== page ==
CHARLESTON, W.Va. — The West Virginia Supreme Court of Appeals will rehear a case Tuesday regarding drilling rights and if oil companies are allowed to deduct post-production costs from royalty payments to landowners.

In November, the state Supreme Court made a decision in Leggett v. EQT,  a case between property owners in Doddridge County and EQT Corporation, a Pittsburgh-based natural gas and petroleum company.

Doddridge County is part of the Marcellus Shale, a natural gas reserve which goes from West Virginia to southern New York. Natural gas drilling is active in northern and central West Virginia.

The court ruled natural gas companies who obtain mineral rights are not allowed to take deductions out of royalty payments set aside for landowners. The landowners — Patrick and Katherine Leggett, Adele McDougal and George McKain — claimed EQT was taking up to 30 percent from royalty payments since 2010.

The plaintiffs argued landowners are owed a one-eighth (12.5 percent) royalty under a 1982 state statute, and EQT was removing funds to pay for costs such as transporting and processing gas

Lawyers representing EQT petitioned in December to have the case reheard, arguing justices misunderstood and extended statutes regarding where revenue was determined.

Alex Thomas/

Tom Huber, vice president of the West Virginia Royalty Owners Association, speaking Thursday to attendees of a property rights event in Charleston.

Property rights advocates held meetings last week in Wheeling, Bridgeport and Charleston to inform the public about the importance of the case.

Tom Huber, vice president of the West Virginia Royalty Owners Association, said if the ruling changes, companies could use money intended for royalties to cover for decreases in prices.

“That’s millions and millions of dollars not paid to West Virginians who work here, live here and shop here, but go directly to the gas company’s headquarters in Oklahoma City and Pennsylvania,” he said.

The rehearing will happen with a new justice; then-Justice Brent Benjamin, who wrote the majority opinion in November, no longer serves on the court after losing in the May 2016 election to Beth Walker in a nonpartisan race. Her term began at the start of 2017.

Tom Susman of West Virginians for Property Rights said a reversal would make the court seem politicized in its decision making.

“It’s kind of like a football game;” he said. “You win and 30 days later the NCAA comes back and says, ‘We want to replay the last quarter.’”

Leggett’s lawyers filed a motion on April 24 to cancel the argument because she did not take part in the original argument and investments her husband, Mike Walker, had in natural gas companies.

Mike Walker made numerous loans to his wife’s campaign amounting to $525,000 while owning stock in “several; different natural gas producing and related energy companies,” though not EQT.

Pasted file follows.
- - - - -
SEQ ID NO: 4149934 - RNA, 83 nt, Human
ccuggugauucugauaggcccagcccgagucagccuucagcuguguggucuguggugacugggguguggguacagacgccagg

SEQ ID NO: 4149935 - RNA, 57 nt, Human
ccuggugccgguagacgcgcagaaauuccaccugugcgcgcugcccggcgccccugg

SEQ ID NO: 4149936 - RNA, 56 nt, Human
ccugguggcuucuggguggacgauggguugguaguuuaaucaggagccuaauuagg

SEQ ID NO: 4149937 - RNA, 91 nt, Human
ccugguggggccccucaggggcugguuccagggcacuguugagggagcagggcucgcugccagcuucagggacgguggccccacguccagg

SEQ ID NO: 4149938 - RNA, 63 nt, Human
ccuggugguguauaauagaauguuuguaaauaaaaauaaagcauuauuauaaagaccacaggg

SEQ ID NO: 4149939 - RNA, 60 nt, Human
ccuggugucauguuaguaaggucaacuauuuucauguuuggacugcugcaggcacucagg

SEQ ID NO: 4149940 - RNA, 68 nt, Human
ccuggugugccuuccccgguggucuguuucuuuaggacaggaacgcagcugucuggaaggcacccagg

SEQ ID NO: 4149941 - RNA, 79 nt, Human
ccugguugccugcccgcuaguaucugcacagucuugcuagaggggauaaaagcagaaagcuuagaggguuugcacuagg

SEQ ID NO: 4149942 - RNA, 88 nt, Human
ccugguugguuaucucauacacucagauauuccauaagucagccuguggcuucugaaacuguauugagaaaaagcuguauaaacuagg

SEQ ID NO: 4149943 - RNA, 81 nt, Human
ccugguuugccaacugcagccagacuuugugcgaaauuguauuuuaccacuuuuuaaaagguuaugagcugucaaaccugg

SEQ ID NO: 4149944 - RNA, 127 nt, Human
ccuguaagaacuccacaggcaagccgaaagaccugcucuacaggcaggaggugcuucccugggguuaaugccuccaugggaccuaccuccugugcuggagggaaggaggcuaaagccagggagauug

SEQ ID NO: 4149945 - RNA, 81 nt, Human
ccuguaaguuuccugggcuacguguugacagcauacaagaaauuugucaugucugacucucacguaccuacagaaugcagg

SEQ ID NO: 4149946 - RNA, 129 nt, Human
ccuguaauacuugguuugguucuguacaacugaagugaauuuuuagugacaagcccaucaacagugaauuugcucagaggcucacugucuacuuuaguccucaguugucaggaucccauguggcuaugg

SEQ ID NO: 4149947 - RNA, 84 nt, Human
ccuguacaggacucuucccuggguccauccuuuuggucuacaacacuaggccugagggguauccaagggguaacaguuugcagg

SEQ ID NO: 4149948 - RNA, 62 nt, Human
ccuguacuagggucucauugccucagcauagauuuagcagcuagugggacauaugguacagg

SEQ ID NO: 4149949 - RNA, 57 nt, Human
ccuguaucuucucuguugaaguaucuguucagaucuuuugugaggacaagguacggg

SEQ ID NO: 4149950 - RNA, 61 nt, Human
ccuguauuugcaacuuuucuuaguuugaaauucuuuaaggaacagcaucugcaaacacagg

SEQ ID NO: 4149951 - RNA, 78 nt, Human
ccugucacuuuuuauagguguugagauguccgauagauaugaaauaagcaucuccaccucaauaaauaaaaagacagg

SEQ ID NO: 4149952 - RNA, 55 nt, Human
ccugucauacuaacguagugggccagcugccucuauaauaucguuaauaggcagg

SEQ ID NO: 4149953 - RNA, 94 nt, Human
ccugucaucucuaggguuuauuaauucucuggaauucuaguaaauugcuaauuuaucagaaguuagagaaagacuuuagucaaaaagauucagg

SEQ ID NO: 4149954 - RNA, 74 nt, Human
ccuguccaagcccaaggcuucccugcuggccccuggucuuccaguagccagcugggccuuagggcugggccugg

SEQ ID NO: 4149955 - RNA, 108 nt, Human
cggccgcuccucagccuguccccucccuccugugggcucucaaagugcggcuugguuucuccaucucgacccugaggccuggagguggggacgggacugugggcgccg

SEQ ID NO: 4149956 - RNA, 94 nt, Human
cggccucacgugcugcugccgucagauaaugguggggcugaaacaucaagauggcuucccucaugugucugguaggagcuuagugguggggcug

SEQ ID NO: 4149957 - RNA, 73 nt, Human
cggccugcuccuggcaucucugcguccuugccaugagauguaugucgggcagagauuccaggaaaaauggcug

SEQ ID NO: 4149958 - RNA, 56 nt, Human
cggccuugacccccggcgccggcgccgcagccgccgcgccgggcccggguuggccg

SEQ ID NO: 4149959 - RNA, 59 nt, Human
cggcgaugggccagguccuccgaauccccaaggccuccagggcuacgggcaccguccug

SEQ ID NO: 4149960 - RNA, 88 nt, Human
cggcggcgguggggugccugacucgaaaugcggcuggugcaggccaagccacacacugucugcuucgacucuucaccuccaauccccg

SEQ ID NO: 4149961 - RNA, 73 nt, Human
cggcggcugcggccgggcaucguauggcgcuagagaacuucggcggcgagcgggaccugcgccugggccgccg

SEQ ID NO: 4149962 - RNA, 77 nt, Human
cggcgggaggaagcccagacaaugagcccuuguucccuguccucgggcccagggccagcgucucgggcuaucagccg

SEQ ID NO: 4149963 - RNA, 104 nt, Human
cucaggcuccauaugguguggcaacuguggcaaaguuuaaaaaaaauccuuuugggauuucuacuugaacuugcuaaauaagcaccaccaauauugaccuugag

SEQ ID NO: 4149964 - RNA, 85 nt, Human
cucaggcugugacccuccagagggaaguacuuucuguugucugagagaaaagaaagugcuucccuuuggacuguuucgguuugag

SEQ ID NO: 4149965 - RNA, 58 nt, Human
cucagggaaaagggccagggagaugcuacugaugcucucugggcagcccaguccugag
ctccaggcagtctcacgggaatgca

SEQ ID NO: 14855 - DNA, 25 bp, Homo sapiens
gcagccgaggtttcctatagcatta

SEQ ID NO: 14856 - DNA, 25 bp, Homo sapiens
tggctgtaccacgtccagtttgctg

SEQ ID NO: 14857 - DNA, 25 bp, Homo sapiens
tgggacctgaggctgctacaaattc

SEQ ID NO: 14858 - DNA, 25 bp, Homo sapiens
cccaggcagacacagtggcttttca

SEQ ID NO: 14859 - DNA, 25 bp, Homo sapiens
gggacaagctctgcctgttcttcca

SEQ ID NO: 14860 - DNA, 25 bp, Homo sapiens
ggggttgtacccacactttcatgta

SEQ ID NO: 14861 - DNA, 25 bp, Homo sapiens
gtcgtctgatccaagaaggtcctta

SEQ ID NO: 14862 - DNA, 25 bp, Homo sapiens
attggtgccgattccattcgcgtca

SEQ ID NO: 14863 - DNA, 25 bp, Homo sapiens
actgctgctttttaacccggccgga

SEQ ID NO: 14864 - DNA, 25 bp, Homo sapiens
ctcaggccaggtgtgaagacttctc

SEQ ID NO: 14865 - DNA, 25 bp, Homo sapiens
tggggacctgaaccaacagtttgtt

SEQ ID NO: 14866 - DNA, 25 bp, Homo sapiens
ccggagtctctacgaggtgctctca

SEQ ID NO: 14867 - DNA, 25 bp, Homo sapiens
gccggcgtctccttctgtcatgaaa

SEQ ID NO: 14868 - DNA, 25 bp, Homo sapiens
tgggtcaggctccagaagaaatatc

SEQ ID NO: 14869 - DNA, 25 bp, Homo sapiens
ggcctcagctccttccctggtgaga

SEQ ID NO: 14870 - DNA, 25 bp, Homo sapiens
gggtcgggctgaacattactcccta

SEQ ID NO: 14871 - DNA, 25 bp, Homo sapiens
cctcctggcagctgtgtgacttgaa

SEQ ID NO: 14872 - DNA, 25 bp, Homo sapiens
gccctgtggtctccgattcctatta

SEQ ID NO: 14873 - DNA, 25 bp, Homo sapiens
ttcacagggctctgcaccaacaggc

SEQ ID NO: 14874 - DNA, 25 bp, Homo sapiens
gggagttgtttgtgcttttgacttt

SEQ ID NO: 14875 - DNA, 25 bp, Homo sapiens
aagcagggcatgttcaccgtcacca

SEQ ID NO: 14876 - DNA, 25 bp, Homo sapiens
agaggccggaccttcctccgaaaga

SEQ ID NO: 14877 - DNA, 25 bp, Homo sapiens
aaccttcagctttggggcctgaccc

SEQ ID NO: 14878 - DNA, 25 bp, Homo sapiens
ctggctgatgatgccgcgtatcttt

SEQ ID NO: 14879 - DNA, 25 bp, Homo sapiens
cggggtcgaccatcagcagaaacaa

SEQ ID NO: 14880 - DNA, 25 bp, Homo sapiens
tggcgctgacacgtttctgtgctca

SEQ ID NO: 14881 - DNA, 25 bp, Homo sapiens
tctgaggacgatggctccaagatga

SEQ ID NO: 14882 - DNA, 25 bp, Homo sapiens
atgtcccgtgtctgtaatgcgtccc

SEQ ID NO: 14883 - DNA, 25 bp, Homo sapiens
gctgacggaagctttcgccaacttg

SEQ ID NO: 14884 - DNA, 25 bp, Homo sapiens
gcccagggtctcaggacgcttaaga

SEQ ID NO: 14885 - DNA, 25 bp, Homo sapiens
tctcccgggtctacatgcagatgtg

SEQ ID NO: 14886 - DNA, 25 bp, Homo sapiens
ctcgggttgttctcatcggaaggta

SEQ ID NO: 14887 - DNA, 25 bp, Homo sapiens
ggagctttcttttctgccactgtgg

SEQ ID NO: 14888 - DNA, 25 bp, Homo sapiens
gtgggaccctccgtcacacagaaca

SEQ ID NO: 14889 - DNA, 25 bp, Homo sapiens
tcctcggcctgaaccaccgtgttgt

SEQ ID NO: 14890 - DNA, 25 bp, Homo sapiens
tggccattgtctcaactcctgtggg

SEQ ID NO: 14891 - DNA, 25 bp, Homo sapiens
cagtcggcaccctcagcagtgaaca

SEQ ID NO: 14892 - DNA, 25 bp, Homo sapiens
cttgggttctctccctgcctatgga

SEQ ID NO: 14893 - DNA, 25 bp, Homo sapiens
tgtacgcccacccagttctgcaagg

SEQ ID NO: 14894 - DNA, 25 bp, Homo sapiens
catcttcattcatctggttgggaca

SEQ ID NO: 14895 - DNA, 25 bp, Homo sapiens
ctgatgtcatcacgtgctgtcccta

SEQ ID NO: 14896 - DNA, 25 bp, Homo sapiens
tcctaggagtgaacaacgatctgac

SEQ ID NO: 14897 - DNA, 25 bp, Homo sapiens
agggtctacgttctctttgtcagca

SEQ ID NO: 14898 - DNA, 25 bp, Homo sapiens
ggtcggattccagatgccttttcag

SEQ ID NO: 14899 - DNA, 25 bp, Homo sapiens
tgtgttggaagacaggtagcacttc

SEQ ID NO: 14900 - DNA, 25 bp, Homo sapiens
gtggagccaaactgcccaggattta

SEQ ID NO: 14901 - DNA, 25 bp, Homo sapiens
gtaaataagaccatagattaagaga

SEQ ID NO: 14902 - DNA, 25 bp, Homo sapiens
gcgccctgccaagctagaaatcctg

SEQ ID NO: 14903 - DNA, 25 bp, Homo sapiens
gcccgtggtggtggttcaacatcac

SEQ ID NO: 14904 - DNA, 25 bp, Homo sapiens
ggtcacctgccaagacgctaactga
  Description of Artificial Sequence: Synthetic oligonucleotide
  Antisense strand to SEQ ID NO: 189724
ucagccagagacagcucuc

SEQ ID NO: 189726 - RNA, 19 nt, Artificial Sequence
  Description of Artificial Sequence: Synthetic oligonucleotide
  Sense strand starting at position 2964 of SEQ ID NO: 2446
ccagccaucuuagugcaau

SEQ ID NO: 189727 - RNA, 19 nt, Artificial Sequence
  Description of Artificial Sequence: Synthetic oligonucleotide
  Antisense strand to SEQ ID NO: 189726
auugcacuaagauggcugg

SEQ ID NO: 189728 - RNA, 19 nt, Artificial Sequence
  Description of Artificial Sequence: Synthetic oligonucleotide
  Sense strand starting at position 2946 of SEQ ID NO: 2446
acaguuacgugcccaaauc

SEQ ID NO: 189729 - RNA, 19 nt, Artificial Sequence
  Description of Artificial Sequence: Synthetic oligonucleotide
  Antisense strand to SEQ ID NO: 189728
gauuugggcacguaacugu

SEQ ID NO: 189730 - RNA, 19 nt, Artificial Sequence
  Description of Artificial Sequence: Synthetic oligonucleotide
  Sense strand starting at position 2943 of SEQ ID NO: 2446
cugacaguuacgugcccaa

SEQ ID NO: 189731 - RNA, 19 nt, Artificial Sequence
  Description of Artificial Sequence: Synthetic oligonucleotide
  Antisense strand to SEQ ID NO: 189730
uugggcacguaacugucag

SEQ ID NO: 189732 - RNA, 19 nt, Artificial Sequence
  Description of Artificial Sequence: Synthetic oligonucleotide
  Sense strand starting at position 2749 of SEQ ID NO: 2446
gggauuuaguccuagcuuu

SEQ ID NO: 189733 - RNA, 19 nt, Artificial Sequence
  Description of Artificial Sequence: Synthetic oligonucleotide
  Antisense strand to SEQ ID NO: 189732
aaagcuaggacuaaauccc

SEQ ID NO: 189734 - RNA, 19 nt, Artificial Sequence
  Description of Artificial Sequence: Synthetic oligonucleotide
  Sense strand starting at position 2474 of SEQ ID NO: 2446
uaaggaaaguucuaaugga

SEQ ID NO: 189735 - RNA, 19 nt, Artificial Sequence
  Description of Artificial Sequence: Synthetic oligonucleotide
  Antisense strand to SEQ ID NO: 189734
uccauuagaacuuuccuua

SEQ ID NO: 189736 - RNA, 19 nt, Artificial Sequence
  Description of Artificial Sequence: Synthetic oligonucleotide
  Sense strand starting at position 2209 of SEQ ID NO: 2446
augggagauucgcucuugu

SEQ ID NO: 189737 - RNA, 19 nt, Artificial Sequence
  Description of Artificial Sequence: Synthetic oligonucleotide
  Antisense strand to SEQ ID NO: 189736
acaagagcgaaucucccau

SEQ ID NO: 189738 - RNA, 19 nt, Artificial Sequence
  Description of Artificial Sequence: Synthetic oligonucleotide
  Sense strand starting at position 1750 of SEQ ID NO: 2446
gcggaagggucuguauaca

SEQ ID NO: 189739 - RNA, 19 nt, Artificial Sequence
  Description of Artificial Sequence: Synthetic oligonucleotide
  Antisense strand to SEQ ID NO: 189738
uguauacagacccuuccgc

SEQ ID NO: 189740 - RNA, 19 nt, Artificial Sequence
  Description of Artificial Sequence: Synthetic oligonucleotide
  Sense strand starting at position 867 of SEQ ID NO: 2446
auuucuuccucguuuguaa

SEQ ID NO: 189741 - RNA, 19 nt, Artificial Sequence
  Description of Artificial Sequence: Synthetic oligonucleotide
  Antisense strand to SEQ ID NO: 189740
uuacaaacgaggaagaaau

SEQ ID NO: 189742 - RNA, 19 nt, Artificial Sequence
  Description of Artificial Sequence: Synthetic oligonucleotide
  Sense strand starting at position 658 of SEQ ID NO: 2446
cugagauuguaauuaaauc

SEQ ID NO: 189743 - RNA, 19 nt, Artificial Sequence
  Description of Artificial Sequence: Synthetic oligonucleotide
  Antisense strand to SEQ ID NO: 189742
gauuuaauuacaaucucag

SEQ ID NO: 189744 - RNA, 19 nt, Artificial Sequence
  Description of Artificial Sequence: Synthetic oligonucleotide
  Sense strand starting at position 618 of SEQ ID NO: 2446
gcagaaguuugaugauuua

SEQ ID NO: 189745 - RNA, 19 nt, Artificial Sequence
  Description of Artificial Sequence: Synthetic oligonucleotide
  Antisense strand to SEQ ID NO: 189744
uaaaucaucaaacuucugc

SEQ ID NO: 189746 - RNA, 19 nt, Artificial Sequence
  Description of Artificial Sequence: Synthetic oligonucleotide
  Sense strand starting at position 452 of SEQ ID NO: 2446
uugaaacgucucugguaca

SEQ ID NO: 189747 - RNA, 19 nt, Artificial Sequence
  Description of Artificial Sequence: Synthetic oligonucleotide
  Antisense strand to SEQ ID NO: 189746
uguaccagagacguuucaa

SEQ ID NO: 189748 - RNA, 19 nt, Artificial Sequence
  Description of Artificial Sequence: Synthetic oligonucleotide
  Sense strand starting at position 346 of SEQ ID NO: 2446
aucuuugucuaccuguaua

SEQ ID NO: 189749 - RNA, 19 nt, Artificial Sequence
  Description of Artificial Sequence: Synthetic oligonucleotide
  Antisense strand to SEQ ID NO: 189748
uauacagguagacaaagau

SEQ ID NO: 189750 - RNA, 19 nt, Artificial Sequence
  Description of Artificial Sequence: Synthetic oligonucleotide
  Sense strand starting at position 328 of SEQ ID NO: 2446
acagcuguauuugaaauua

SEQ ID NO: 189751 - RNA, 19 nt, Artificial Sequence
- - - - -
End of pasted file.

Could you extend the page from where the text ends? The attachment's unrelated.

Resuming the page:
“Justice Walker’s husband has an economic interest in the subject matter in controversy, and an interest that could be substantially affected by this proceeding,” the motion said.

The motion was ordered “moot” on April 26. Beth Walker told court clerk Rory Perry of her decision not to disqualify herself.

Alex Thomas/

Tom Susman of West Virginians for Property Rights talking about the effects if the ruling is reversed,

If the case is reversed, Huber said the next action is pushing for legislation to protect landowners.

The date of the lease to drill under the property in question was dated October 31, 1906.

Dwayne O’Dell, government affairs director of the West Virginia Farm Bureau, said leases should be allowed to be renegotiated because of advances made in drilling and obtaining technology.

“Horizontal drilling was not envisioned in those leases,” he said.

O’Dell said his organization pushed for changes in the recent legislative session with Senate Bill 576. The bill would have allowed an agreement between a corporation and landowners to be made if at least 75 percent of the tenants agreed on a project, with any opposing property owners being compensated.

“We know that they are missing and unknown individuals that are hard to find or have moved abroad,” he said. “This bill would have allowed that development to go forward.”

The current statute requires 100 percent of landowners for drilling to proceed.

O’Dell said the problem with Senate Bill 576 was it did not include language allowing people to renegotiate leases, including those dating as far back as the “late 1800s, early 1900s with very low rates.”

The Senate passed the bill 19-14, but the House of Delegates Energy Committee did not advance the bill before the end of the 60-day session.

Susman said looking to the rehearing, a reversal is likely considering Walker’s conservative political leanings.

“In the court, you think once there’s a decision, there’s a period of time where that runs,” he said.

The hearing is scheduled to begin at 10 a.m.

Use a Facebook account to add a comment, subject to Facebook's Terms of Service and Privacy Policy.

bubble graphic

bubble graphic